The Kauffman Center of Performing Arts is home to the Kansas City Ballet, Symphony, and Opera. The architecture consists of two half-shell shaped buildings divided in half, and constructed in a way so that each building can host a performance at the same time with strong acoustics and so that you can’t hear the performance in the opposite building.
Kauffman also hosts graduations, yoga classes, weddings, and private events.
Even if you don’t go inside, it is just marveling to take a look at from afar. It’s like the Midwest’s Sydney Opera House.
Take a day trip to the OTHER Kansas City in the Kansas Stateside
This is going to sound confusing, but while this post is about Kansas City in the State of Missouri (KCMO), there is also another Kansas City in the State of Kansas (KCK) within 10 minutes. It is a separate city with a different mayor, but both cities are a part of the Kansas City Metro area hoisted by the Missouri side. It is much quieter, but has its own charm.
Don’t miss stopping by the Kaw Point Park, which has bountiful trails and nature. It is also the first stop of Lewis & Clark expedition. The Kaw Point Park is where both Kansas and Missouri Rivers meet, and you get a beautiful view of Downtown KCMO.
KCK has a 25% Mexican population, and you’d be surprised to find out that it is the Taco Capital of the US. As a Californian, I have a hard time trusting tacos that aren’t in bordering states. But trust me when I say these tacos rival that of LA’s. There are over 50 taquerias specializing in dishes from regions all over Mexico. Visit KCK markets their taco trail, and I went on a tour with them as a part of WITS. Let me just say that I would fly over back if just for the tacos.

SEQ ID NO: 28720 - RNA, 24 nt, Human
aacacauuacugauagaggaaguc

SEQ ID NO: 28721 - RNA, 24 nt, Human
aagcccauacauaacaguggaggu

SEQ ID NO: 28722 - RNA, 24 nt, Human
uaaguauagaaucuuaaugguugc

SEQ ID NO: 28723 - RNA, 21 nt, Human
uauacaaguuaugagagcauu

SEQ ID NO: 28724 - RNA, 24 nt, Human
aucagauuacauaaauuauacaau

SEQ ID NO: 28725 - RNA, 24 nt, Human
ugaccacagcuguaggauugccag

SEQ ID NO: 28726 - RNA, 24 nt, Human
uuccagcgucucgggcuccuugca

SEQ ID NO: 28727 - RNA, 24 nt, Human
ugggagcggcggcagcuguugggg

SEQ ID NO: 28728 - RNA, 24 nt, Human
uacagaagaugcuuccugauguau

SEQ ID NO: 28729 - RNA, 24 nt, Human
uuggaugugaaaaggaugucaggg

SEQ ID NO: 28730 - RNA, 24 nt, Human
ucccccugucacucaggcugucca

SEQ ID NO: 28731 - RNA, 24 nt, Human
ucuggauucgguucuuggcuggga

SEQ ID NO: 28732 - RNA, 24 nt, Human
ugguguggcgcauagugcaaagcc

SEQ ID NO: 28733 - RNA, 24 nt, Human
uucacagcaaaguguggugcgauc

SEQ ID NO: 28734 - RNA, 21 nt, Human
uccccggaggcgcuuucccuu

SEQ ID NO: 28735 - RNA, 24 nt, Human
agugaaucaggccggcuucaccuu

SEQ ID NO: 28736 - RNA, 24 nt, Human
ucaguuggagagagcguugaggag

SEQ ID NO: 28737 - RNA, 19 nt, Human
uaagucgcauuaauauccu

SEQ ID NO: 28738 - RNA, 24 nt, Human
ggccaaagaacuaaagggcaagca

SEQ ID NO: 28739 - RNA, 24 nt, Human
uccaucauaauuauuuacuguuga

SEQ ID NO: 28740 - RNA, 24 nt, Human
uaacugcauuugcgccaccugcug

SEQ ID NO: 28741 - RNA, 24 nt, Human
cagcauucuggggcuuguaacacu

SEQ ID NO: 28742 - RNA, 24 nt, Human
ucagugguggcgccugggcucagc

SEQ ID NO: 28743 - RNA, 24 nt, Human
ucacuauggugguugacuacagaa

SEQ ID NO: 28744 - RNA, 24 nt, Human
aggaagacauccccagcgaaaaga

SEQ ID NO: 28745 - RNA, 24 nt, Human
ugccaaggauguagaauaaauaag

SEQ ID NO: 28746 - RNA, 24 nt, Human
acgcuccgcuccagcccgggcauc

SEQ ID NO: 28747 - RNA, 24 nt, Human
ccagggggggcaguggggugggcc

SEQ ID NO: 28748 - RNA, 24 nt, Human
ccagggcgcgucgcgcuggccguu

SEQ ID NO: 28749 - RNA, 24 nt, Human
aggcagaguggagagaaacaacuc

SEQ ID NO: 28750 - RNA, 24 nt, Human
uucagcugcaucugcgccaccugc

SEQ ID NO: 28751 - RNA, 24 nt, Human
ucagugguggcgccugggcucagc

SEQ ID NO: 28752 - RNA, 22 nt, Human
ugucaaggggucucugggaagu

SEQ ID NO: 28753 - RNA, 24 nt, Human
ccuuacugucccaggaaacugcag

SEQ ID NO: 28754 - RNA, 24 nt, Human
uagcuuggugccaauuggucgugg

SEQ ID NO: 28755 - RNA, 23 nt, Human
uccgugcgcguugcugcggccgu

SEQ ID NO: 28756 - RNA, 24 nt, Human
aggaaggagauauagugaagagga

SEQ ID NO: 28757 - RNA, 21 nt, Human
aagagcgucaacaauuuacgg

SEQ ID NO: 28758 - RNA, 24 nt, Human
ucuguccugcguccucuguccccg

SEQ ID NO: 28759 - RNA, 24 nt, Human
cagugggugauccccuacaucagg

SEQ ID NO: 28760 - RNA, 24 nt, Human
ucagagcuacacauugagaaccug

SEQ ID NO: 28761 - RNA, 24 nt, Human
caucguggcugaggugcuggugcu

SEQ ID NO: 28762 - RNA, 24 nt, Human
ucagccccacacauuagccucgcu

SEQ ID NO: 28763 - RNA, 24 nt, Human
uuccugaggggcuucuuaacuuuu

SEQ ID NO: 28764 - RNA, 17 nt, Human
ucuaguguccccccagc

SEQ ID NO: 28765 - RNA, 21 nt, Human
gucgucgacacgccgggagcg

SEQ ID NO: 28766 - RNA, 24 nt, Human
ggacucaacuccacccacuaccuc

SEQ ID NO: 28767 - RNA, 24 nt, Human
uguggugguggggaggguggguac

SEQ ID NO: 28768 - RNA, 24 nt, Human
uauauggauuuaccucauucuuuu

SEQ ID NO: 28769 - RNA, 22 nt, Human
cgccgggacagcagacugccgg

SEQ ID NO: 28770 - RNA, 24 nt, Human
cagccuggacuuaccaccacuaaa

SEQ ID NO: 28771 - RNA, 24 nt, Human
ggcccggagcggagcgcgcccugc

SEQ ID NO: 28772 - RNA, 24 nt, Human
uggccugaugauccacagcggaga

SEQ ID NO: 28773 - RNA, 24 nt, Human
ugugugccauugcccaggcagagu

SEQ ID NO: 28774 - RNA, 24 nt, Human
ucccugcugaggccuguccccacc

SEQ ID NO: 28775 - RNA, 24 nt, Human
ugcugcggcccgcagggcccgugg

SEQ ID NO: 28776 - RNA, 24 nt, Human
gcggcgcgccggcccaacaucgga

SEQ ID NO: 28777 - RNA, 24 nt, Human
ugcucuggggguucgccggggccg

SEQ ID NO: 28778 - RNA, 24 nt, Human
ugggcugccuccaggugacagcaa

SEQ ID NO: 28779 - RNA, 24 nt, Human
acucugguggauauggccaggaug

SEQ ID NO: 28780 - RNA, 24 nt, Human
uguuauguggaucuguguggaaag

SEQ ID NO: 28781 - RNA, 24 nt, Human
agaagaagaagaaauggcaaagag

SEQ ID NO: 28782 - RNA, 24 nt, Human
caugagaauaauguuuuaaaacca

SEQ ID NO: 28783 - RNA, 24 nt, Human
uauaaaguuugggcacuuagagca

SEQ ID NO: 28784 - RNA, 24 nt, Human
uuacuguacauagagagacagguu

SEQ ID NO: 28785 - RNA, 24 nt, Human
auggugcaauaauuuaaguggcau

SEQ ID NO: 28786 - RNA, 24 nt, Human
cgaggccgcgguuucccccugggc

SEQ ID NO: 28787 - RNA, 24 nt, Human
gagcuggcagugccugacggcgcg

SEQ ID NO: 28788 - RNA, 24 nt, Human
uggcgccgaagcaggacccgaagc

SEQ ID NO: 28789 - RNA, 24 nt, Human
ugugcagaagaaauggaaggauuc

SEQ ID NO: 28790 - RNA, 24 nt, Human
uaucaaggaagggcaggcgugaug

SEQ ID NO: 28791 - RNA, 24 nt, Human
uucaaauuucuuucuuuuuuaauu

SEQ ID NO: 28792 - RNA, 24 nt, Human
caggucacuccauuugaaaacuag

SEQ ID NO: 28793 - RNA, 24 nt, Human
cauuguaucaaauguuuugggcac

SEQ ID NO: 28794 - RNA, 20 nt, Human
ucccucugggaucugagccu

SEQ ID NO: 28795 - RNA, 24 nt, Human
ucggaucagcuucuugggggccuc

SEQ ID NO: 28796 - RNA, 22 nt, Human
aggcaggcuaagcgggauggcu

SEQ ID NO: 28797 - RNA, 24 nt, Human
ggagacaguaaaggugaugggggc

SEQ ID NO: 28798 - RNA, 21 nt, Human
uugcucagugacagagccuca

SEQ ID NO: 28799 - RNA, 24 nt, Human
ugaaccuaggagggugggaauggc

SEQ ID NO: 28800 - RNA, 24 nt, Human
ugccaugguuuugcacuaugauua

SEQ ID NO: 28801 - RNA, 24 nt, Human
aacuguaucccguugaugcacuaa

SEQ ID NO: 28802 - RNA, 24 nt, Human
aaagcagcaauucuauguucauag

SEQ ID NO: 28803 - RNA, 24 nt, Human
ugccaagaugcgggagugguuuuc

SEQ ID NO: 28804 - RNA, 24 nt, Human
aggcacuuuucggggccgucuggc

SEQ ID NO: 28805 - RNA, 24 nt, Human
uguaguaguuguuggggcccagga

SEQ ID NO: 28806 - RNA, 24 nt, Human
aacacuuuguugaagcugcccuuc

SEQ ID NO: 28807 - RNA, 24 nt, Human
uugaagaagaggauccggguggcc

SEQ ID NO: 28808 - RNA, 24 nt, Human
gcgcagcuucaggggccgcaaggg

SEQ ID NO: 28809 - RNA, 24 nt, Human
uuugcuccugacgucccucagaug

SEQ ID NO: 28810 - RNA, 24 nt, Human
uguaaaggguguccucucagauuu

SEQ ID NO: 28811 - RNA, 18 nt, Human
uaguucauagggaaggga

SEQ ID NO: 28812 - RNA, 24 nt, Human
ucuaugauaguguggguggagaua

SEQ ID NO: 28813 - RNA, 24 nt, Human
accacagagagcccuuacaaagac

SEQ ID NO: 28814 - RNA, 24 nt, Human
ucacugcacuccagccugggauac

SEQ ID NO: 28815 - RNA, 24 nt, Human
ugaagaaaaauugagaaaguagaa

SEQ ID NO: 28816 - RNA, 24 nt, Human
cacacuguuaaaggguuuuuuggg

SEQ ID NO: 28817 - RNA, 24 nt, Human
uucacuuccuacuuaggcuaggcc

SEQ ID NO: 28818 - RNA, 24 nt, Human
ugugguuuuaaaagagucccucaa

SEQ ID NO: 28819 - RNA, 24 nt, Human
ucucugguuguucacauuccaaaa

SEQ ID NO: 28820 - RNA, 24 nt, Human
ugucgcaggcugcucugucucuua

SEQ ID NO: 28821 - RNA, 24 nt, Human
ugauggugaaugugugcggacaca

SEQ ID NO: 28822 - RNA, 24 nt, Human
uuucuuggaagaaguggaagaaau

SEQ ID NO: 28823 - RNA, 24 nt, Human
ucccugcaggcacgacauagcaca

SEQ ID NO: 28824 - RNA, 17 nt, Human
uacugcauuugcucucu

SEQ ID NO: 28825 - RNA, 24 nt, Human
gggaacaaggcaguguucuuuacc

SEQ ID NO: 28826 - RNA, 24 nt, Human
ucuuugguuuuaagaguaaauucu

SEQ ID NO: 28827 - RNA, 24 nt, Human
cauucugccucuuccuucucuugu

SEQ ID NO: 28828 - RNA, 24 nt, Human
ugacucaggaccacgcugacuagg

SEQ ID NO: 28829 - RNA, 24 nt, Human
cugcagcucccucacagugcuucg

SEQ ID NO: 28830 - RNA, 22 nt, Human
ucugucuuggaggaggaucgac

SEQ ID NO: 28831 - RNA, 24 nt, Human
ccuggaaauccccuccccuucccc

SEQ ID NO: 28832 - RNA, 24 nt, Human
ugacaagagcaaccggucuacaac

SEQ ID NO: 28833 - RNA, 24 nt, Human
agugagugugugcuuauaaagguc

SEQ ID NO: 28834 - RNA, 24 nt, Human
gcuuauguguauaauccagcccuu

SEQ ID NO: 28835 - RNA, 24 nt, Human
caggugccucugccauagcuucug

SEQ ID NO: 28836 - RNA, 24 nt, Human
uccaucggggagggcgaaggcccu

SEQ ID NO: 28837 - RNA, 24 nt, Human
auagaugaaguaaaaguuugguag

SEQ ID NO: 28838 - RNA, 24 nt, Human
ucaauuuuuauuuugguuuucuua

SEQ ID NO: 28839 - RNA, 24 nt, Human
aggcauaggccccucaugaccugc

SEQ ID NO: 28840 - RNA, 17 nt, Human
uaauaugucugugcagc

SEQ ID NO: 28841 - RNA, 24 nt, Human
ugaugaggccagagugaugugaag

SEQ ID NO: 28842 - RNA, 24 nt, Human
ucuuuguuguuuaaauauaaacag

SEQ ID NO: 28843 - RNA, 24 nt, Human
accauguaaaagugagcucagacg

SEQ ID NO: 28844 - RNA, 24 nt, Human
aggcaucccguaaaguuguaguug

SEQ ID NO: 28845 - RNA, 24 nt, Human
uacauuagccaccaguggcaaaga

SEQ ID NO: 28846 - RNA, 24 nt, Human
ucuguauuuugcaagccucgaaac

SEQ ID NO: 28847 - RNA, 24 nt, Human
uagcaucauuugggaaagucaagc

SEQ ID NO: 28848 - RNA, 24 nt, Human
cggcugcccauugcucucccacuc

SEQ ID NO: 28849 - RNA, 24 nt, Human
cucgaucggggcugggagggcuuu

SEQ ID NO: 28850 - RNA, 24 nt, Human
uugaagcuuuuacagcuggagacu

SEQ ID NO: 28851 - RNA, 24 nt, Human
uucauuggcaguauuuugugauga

Like KCMO, KCK has similar things to offer (on a smaller scale) like murals and dive bars.
Don’t count Kansas City out!
Whether you have to go to Kansas City for work or family, don’t think of this place as an afterthought. After walking around for a full 5 days, I have gotten acquainted and fell in love.
If I inspired you to book your next trip to the City of Fountains, be sure to share and pin below!
Hannah is a travel writer, graphic designer, and the founder/editor of Hannah on Horizon. She is based in Sacramento, California, living with her husband and two adorable dogs. She shares tips on how to experience luxury travel on any budget, and how to maximize time at each trip or destination, no matter what your budget or amount of vacation time at work. She enjoys making you feel like you have visited each destination with her through her storytelling and informative writing style.